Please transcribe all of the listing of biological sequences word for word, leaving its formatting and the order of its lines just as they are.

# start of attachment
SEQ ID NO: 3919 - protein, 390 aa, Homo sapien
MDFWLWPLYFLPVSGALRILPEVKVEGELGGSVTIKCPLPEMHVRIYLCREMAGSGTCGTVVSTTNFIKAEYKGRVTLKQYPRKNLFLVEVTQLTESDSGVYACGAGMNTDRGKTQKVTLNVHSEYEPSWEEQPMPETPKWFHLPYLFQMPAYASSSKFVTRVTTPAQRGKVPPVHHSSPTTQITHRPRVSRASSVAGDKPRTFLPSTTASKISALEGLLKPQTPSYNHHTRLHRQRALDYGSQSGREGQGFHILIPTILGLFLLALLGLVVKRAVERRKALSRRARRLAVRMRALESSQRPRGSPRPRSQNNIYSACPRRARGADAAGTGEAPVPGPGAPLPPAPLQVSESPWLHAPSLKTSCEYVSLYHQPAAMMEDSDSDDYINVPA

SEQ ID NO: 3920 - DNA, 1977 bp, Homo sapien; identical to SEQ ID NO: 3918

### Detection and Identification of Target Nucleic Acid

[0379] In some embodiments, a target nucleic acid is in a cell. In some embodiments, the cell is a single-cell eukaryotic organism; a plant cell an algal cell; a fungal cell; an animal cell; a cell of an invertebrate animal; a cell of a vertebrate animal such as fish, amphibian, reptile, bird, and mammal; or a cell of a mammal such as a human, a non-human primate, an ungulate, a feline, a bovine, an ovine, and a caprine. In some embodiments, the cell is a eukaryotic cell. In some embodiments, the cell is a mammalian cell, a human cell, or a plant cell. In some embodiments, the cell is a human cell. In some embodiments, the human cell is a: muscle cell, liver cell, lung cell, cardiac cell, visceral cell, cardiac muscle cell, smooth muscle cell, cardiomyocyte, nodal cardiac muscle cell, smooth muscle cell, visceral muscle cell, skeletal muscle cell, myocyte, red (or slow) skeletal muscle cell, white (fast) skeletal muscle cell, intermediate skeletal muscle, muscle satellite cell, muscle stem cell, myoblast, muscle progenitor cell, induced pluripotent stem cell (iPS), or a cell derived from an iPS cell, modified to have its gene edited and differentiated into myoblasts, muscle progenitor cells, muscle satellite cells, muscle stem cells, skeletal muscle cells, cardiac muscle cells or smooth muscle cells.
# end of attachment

SEQ ID NO: 3919 - protein, 390 aa, Homo sapien
MDFWLWPLYFLPVSGALRILPEVKVEGELGGSVTIKCPLPEMHVRIYLCREMAGSGTCGTVVSTTNFIKAEYKGRVTLKQYPRKNLFLVEVTQLTESDSGVYACGAGMNTDRGKTQKVTLNVHSEYEPSWEEQPMPETPKWFHLPYLFQMPAYASSSKFVTRVTTPAQRGKVPPVHHSSPTTQITHRPRVSRASSVAGDKPRTFLPSTTASKISALEGLLKPQTPSYNHHTRLHRQRALDYGSQSGREGQGFHILIPTILGLFLLALLGLVVKRAVERRKALSRRARRLAVRMRALESSQRPRGSPRPRSQNNIYSACPRRARGADAAGTGEAPVPGPGAPLPPAPLQVSESPWLHAPSLKTSCEYVSLYHQPAAMMEDSDSDDYINVPA

SEQ ID NO: 3920 - DNA, 1977 bp, Homo sapien; identical to SEQ ID NO: 3918

### Detection and Identification of Target Nucleic Acid

[0379] In some embodiments, a target nucleic acid is in a cell. In some embodiments, the cell is a single-cell eukaryotic organism; a plant cell an algal cell; a fungal cell; an animal cell; a cell of an invertebrate animal; a cell of a vertebrate animal such as fish, amphibian, reptile, bird, and mammal; or a cell of a mammal such as a human, a non-human primate, an ungulate, a feline, a bovine, an ovine, and a caprine. In some embodiments, the cell is a eukaryotic cell. In some embodiments, the cell is a mammalian cell, a human cell, or a plant cell. In some embodiments, the cell is a human cell. In some embodiments, the human cell is a: muscle cell, liver cell, lung cell, cardiac cell, visceral cell, cardiac muscle cell, smooth muscle cell, cardiomyocyte, nodal cardiac muscle cell, smooth muscle cell, visceral muscle cell, skeletal muscle cell, myocyte, red (or slow) skeletal muscle cell, white (fast) skeletal muscle cell, intermediate skeletal muscle, muscle satellite cell, muscle stem cell, myoblast, muscle progenitor cell, induced pluripotent stem cell (iPS), or a cell derived from an iPS cell, modified to have its gene edited and differentiated into myoblasts, muscle progenitor cells, muscle satellite cells, muscle stem cells, skeletal muscle cells, cardiac muscle cells or smooth muscle cells.